I was able to pick the right move today and, on paper, I was probably one of the favourites in the group, with Cataldo, but just wasn't strong enough in the end.
Looking back, I left a lot of energy on the penultimate descent, but that's easy to say when you're sitting wrecked on the team bus afterwards – that I shouldn't have done that, that I would have been stronger, but the guys had to ride to catch me and used their energy too.
Maybe that attack was a mistake, maybe not, but whether it would have changed much in the end, I don't know.
My team-mate Rafal Majka had another great day today, finishing 19th and taking 11 seconds back on leader Uran, proving again that he is capable of holding onto his third place overall.
Tomorrow is going to be another big day for him. In fact, every day from now on will be.
Sunday May 25, Stage 15: Valdengo – Montecampione (225km)
After my long day in the break yesterday, I was pretty tired this morning, but luckily enough we had a flat start, even if it was very fast.
It was so fast that when Rafal got something caught in his gears, we didn't risk stopping until the breakaway formed and things calmed down a bit in the bunch.
Eventually we chanced it and myself and Pawel Poljanski stopped with Rafal. Our mechanic hopped out of the car and managed to free up the gears, but as he was doing so, we got news on the radio that there were more attacks, so we spent about 8km chasing back through the cavalcade before regaining contact with the back of the peloton.
Although the break got eight minutes at one point, it started to come down as we approached the 19km first-category finishing climb and we were in one long line for the last 40km or so with the TV motorbike playing Moto GP on the front of the bunch again.
My job today was to hang in as long as possible just in case something happened to Rafal, but after yesterday's efforts my legs went with 12km to go and I had to ride to the top at my own tempo. Rafal held onto his third place overall today, but lost almost a minute to stage winner Fabio Aru of Astana who is now just 34 seconds back in fourth.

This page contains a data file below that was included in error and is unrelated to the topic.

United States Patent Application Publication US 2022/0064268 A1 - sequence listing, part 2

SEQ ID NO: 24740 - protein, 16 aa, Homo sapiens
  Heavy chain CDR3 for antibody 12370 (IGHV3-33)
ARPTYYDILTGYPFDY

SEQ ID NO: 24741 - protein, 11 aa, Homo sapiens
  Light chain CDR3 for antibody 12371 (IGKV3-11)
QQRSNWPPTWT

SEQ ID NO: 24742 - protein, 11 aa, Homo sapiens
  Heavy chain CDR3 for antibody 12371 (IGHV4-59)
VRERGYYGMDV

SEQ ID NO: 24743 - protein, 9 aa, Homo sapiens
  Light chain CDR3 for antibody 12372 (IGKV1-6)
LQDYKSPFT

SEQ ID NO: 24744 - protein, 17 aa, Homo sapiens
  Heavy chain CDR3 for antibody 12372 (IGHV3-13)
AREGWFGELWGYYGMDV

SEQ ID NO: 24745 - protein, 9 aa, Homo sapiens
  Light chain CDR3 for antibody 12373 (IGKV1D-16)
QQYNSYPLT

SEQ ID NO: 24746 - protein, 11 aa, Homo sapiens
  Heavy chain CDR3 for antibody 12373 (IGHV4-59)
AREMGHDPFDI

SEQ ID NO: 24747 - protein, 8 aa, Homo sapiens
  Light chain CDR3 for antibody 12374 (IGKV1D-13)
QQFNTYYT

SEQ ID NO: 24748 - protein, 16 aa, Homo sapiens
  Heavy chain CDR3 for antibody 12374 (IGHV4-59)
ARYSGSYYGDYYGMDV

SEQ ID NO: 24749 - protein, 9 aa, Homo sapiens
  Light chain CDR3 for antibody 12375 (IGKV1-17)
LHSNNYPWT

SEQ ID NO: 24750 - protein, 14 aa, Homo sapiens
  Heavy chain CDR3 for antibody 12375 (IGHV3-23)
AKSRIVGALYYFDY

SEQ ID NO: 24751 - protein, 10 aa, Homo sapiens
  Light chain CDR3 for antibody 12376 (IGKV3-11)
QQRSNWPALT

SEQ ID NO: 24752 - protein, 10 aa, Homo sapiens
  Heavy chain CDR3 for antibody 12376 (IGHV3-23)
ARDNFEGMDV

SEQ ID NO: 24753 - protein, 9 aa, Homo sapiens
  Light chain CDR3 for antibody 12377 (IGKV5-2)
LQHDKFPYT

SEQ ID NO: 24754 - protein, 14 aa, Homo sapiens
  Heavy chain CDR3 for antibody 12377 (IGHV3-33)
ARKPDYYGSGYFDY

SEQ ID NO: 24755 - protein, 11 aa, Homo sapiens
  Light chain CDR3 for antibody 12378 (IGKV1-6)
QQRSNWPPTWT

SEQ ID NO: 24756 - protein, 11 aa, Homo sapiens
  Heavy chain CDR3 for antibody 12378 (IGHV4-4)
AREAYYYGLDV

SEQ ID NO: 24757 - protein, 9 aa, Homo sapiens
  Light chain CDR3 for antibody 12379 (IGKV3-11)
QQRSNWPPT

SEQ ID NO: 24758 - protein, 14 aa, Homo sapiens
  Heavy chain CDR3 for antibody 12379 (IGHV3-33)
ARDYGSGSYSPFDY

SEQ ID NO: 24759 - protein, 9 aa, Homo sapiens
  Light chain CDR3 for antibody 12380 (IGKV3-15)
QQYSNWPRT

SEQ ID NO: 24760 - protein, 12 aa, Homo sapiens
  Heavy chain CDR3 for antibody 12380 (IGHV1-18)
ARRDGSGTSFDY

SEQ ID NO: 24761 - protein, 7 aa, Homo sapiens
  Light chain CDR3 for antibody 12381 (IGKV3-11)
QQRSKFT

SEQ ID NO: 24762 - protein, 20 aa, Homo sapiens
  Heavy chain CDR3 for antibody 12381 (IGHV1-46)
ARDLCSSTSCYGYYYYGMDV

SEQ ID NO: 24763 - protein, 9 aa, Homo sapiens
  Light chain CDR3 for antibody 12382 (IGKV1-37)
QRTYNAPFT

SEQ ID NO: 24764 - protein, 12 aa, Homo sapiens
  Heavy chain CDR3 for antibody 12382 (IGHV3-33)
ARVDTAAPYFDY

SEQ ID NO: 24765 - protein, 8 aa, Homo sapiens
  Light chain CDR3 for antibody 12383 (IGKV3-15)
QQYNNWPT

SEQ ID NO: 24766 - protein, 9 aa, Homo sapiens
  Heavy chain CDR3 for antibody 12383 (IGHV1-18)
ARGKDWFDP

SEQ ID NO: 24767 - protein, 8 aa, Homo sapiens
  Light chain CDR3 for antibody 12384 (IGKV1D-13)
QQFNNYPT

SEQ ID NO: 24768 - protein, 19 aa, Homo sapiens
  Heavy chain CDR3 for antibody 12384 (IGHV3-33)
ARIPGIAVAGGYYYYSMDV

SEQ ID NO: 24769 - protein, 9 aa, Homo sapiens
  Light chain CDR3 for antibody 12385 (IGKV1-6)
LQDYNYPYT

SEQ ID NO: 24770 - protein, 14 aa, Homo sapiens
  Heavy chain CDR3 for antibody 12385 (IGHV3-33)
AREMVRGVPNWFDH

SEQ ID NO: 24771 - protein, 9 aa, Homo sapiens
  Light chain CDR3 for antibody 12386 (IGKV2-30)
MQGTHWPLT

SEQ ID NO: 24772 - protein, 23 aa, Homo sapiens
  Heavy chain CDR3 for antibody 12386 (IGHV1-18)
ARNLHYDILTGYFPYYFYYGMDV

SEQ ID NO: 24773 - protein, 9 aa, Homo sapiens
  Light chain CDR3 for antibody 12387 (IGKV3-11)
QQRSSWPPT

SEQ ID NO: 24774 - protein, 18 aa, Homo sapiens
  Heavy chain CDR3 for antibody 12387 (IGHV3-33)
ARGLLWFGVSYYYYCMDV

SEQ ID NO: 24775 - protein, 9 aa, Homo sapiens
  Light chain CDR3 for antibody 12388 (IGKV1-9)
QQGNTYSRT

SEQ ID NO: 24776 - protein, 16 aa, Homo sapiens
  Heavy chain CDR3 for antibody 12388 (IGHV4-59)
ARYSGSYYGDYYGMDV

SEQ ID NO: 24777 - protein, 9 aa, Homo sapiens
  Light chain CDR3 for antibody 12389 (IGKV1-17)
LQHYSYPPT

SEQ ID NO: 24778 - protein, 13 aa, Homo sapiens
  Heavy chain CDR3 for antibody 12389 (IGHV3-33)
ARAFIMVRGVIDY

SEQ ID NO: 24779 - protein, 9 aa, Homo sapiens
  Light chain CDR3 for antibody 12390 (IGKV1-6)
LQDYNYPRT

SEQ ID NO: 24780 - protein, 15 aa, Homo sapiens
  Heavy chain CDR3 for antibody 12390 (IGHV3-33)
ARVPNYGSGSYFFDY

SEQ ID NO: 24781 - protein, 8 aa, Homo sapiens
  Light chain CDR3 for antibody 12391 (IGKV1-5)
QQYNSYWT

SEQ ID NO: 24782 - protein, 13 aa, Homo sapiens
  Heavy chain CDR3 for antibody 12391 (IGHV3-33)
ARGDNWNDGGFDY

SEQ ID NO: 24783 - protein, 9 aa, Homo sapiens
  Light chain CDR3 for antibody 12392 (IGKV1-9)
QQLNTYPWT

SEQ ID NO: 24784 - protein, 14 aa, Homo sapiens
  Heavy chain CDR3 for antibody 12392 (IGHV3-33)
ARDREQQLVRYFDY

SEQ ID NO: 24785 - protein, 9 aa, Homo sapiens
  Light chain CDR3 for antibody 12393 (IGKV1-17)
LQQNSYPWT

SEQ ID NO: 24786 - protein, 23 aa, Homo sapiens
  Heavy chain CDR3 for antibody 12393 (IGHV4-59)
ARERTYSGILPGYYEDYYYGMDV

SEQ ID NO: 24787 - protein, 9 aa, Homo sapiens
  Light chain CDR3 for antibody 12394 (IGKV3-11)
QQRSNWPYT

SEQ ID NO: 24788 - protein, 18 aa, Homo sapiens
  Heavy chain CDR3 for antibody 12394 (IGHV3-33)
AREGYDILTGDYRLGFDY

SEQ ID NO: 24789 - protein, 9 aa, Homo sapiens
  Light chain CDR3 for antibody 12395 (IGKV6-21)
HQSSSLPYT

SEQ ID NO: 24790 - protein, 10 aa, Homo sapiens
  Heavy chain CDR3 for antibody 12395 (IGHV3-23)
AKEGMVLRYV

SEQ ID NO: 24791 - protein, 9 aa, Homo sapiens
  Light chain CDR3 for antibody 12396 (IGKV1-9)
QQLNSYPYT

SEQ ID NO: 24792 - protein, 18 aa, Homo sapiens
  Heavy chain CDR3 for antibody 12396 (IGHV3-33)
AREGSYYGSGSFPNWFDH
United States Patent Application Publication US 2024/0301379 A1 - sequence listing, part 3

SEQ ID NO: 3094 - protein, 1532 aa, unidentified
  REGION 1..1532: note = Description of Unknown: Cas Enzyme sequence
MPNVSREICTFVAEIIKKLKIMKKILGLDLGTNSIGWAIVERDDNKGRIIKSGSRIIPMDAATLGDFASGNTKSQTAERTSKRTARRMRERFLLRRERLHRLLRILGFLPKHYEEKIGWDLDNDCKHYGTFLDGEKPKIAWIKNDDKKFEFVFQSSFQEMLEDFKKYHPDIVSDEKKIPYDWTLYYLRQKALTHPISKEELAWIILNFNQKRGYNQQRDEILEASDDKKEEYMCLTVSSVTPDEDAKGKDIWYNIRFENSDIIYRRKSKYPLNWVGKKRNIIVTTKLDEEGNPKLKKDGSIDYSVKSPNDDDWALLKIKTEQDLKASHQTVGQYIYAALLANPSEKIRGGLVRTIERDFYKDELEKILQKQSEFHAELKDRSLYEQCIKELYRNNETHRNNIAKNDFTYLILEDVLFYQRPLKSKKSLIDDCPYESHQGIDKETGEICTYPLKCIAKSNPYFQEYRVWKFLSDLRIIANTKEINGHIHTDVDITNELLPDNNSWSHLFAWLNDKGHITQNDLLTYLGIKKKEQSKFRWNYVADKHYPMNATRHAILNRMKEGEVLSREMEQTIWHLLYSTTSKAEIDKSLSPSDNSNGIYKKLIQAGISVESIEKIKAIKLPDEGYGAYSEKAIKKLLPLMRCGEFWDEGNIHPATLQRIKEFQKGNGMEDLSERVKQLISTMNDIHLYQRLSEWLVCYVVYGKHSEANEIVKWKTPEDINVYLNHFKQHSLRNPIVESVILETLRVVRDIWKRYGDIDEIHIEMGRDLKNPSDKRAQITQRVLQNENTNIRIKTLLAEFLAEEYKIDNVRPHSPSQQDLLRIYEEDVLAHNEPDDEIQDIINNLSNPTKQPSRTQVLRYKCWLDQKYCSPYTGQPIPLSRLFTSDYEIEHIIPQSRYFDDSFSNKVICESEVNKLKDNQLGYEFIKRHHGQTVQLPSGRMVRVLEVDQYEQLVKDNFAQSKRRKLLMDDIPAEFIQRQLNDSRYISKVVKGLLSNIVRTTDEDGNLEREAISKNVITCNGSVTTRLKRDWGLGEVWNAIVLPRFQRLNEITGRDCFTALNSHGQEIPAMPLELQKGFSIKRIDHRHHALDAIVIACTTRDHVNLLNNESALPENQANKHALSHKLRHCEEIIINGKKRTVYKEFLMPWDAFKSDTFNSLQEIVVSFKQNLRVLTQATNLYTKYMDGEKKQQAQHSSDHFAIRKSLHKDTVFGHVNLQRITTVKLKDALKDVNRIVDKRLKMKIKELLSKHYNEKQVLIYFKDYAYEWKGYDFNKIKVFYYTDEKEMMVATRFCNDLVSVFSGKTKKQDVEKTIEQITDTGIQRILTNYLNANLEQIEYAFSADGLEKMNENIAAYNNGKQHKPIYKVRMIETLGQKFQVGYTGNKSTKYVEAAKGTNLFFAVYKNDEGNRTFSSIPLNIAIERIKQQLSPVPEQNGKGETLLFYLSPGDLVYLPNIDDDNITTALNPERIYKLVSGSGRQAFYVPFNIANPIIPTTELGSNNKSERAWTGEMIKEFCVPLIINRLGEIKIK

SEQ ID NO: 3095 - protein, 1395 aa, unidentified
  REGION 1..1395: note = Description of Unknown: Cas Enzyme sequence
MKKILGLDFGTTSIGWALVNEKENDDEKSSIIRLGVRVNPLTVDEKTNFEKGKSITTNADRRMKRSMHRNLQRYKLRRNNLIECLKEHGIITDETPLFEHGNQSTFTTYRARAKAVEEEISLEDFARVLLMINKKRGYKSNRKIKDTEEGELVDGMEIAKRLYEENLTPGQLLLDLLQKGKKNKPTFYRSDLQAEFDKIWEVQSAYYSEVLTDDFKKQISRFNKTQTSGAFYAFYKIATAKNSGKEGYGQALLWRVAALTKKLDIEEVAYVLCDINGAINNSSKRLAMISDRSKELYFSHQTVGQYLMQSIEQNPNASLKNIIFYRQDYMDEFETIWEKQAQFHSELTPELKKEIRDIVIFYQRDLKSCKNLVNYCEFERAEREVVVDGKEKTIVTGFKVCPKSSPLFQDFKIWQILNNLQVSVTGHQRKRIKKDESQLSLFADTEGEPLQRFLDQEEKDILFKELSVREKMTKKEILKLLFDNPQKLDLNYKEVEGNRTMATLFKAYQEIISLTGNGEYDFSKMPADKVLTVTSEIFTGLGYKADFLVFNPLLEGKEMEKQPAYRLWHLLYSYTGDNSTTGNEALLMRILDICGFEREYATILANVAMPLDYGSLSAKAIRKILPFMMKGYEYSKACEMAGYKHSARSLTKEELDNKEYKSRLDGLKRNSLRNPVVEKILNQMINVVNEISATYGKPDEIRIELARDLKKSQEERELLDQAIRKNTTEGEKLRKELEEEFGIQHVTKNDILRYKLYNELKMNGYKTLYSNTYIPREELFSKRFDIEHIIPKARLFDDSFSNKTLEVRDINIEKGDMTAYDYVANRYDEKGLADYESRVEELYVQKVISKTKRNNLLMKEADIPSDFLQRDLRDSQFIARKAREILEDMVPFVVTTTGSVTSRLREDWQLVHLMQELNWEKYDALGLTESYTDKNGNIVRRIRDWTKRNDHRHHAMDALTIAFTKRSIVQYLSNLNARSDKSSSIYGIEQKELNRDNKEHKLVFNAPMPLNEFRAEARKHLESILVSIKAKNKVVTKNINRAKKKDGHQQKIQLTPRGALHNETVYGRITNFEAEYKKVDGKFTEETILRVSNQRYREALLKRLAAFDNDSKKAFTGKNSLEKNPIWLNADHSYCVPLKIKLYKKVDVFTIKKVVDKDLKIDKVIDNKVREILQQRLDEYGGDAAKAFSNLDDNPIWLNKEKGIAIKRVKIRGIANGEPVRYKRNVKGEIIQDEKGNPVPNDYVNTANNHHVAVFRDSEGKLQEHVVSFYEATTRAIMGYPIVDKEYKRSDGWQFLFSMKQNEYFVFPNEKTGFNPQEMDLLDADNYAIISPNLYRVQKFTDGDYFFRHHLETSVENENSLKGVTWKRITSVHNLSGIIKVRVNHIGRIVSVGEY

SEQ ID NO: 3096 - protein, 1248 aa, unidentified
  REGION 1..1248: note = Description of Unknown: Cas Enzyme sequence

Afterwards I heard that Philip (Deignan of Team Sky) attacked the group with 10km to go and almost pulled off the stage win. It's great to see him back to his best and, hopefully, we will both get another chance to do something in the mountains next week.
When I crossed the line today the Italian TV station RAI, who produce the Giro coverage, were waiting on me as I had a go at their motorbike driver during the stage. Every day the motorbike has been sitting too close to the riders and with the front few getting shelter behind it, the speed can go up by 10kph, which is neither fair to the peloton or the breakaways.
If you're the one tucked in behind it at the front you get a lot of shelter, but the slipstreaming benefit diminishes just a few riders back, so the whole peloton are struggling to hold the wheels and I just got really pissed off with him today.
"Every day is the same," I told him. "It's not fair to the guys who are in the breakaway. You can't just pull the bunch back up to them."
Although I speak English, French and Italian, when he told me to f*** off and go home, most of what came out of my mouth after that could only be described as bad language.
My team had nobody in the break today, but the front group lost two minutes in about 15km because we were doing 70kph behind the motorbike. It wasn't fair to the teams that had riders up the road and it's been going on for weeks.
Yesterday one of the TV motorbikes hit a race marshal during the stage and we heard today that he's in an induced coma. In the end they had to go live to something else, which was probably just as well for both of us.
It's funny, every year I say I hate the rest days on Grand Tours. But on this Giro I've been looking forward to every one and I can't wait until tomorrow.